A farmer has two horses — one he eagerly works with daily by his side, strengthening and training for hard, strong labor required in the fields together to sustain his family — and another he allows his daughter to train to be meek and mild and docile and timid for her own peaceful riding, pleasantly and joyfully whenever she pleases.
If the work horse looks at the riding horse and says to himself, “Look how lazy and weak and useless that other horse is compared to me! He should be doing like me and pulling heavy loads! Since he is lazy and worthless, I will either intimidate him and cause him to run away and never return so that I don’t have to see his laziness everyday — or if he will not leave, I will kill him myself!”
If the riding horse disappears and the farmer discovers the work horse’s delight in his own treachery — how do you expect the farmer will react?
Isn’t it fair and practical for the farmer to use the two horses to fill the two different needs as he sees fit?
Now to the one who works, his wages are not counted as a gift but as his due. And to the one who does not work but believes in him who justifies the ungodly, his faith is counted as righteousness,
Romans 4:4-5 ESV
“For the kingdom of heaven is like a master of a house who went out early in the morning to hire laborers for his vineyard. After agreeing with the laborers for a denarius a day, he sent them into his vineyard. And going out about the third hour he saw others standing idle in the marketplace, and to them he said, ‘You go into the vineyard too, and whatever is right I will give you.’ So they went. Going out again about the sixth hour and the ninth hour, he did the same. And about the eleventh hour he went out and found others standing. And he said to them, ‘Why do you stand here idle all day?’ They said to him, ‘Because no one has hired us.’ He said to them, ‘You go into the vineyard too.’ And when evening came, the owner of the vineyard said to his foreman, ‘Call the laborers and pay them their wages, beginning with the last, up to the first.’ And when those hired about the eleventh hour came, each of them received a denarius. Now when those hired first came, they thought they would receive more, but each of them also received a denarius. And on receiving it they grumbled at the master of the house, saying, ‘These last worked only one hour, and you have made them equal to us who have borne the burden of the day and the scorching heat.’ But he replied to one of them, ‘Friend, I am doing you no wrong. Did you not agree with me for a denarius? Take what belongs to you and go. I choose to give to this last worker as I give to you. Am I not allowed to do what I choose with what belongs to me? Or do you begrudge my generosity?’ So the last will be first, and the first last.”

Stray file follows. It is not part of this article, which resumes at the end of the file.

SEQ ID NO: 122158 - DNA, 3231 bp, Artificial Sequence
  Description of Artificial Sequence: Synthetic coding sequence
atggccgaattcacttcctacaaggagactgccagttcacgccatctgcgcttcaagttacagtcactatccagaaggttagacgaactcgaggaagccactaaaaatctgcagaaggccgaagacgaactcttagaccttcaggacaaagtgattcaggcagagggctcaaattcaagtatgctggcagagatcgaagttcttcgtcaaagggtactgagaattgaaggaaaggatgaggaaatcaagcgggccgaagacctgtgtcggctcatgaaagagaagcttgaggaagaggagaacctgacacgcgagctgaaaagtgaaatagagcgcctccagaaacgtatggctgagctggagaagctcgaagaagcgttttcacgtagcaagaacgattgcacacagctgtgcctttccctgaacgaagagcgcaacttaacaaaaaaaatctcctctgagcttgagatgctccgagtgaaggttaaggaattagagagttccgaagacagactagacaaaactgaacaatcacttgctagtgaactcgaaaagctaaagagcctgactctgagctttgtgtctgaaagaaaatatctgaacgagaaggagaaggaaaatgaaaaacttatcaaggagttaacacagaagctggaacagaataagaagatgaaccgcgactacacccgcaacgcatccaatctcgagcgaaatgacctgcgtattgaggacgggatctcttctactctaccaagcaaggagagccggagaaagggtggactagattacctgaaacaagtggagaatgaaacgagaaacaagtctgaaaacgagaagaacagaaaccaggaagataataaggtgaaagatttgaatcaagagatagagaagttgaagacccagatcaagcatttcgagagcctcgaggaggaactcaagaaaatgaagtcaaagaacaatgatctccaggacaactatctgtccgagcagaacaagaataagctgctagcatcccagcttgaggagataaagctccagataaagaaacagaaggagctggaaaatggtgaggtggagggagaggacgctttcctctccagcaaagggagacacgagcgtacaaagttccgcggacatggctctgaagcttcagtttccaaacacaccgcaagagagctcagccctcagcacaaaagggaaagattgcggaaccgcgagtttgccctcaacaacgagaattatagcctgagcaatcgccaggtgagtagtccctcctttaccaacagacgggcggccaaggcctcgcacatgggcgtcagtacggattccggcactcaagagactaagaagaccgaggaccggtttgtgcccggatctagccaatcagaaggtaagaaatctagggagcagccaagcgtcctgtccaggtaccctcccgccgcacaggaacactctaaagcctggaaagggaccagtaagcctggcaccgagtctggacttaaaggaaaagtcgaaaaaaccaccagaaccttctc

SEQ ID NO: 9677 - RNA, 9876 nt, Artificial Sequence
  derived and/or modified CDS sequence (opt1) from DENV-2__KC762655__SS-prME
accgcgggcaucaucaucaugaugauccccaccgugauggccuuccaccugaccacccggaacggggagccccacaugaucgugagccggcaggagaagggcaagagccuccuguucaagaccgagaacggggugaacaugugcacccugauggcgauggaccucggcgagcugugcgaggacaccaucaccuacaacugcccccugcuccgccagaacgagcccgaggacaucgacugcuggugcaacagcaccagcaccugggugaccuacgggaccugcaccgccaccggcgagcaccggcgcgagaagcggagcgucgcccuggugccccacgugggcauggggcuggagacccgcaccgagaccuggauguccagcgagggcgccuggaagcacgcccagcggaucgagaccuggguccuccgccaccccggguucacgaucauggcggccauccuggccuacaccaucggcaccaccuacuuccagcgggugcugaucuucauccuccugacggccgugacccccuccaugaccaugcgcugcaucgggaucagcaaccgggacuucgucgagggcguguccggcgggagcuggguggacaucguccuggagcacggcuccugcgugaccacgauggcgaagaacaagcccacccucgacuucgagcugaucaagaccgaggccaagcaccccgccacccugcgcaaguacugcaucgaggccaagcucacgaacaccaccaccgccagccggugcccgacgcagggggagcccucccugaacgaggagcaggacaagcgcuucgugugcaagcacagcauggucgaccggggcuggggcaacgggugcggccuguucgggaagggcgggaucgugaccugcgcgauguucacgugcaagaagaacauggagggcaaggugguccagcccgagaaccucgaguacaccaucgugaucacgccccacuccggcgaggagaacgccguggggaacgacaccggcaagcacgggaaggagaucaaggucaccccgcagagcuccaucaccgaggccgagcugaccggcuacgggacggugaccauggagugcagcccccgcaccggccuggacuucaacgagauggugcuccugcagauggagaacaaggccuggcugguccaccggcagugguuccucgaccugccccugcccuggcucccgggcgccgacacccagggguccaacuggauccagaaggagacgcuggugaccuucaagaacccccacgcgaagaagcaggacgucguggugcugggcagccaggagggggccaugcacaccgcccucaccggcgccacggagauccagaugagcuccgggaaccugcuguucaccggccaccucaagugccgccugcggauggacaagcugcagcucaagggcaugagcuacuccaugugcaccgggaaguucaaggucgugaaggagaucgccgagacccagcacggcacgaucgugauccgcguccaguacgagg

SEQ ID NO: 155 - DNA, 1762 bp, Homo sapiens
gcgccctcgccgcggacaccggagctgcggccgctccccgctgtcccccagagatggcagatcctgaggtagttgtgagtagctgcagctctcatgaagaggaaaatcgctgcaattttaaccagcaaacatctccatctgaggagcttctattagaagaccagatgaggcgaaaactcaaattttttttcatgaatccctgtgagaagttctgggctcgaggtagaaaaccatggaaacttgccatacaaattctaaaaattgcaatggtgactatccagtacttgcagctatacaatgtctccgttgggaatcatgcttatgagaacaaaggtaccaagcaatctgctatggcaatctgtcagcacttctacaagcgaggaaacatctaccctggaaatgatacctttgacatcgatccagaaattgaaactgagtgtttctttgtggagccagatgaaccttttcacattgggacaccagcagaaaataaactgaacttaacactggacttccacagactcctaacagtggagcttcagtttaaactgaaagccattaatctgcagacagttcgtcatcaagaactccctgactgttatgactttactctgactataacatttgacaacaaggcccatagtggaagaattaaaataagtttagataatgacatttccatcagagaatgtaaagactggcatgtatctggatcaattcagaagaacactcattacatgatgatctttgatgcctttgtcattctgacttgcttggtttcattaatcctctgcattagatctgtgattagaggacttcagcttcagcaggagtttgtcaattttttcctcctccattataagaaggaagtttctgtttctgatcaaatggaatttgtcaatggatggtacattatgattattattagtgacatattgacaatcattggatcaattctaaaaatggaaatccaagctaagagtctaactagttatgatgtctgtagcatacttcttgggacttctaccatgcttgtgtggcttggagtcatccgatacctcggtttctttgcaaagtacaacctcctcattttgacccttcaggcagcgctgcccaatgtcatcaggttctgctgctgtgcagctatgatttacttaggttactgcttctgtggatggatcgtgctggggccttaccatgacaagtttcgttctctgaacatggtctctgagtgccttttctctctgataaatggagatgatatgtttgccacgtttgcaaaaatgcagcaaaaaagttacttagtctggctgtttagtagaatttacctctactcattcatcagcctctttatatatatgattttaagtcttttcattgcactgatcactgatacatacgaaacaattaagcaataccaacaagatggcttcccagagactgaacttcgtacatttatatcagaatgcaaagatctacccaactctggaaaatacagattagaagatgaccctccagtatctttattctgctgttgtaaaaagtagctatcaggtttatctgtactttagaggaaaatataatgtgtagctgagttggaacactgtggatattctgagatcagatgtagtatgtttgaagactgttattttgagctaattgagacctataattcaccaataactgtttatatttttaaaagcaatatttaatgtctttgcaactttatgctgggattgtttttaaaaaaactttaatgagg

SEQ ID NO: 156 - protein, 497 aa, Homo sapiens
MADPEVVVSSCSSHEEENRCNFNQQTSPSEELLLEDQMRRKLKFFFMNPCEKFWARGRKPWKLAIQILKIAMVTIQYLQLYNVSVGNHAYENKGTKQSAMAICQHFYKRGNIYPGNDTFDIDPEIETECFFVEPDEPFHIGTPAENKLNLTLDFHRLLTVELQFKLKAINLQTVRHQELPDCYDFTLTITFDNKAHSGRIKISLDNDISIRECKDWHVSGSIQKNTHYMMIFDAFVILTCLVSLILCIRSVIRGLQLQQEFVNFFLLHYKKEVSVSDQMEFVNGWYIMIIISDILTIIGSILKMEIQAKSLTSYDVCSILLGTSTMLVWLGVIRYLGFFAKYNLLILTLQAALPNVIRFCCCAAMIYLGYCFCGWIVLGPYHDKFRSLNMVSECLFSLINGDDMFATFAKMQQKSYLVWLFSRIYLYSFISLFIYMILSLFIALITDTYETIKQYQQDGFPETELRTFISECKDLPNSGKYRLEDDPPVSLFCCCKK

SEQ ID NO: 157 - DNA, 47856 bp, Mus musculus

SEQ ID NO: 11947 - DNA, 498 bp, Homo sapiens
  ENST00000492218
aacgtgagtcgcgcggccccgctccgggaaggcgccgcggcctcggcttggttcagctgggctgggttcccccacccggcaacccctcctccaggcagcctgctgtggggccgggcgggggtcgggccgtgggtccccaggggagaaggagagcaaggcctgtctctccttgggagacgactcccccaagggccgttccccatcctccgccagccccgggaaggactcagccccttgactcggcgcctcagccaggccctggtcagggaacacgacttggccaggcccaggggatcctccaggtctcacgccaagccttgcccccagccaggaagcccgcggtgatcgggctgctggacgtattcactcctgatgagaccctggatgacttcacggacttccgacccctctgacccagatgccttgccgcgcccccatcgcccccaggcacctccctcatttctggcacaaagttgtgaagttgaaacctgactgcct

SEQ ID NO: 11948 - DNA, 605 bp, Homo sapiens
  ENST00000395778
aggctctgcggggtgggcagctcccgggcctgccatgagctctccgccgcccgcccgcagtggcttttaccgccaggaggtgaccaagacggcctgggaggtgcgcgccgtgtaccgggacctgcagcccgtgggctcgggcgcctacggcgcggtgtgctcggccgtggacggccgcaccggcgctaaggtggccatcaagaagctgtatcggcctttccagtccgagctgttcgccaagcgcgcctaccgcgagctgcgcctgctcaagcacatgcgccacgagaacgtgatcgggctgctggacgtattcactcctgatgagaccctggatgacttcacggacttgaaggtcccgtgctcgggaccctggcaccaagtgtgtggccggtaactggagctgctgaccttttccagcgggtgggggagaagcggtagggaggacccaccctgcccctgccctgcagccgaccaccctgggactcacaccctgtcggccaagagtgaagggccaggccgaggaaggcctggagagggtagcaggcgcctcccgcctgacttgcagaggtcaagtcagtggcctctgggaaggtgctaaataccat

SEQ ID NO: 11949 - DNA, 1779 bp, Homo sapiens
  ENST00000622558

Matthew 20:1-16 ESV
“Therefore the kingdom of heaven may be compared to a king who wished to settle accounts with his servants. When he began to settle, one was brought to him who owed him ten thousand talents. And since he could not pay, his master ordered him to be sold, with his wife and children and all that he had, and payment to be made. So the servant fell on his knees, imploring him, ‘Have patience with me, and I will pay you everything.’ And out of pity for him, the master of that servant released him and forgave him the debt. But when that same servant went out, he found one of his fellow servants who owed him a hundred denarii, and seizing him, he began to choke him, saying, ‘Pay what you owe.’ So his fellow servant fell down and pleaded with him, ‘Have patience with me, and I will pay you.’ He refused and went and put him in prison until he should pay the debt. When his fellow servants saw what had taken place, they were greatly distressed, and they went and reported to their master all that had taken place. Then his master summoned him and said to him, ‘You wicked servant! I forgave you all that debt because you pleaded with me. And should not you have had mercy on your fellow servant, as I had mercy on you?’ And in anger his master delivered him to the jailers, until he should pay all his debt. So also my heavenly Father will do to every one of you, if you do not forgive your brother from your heart.”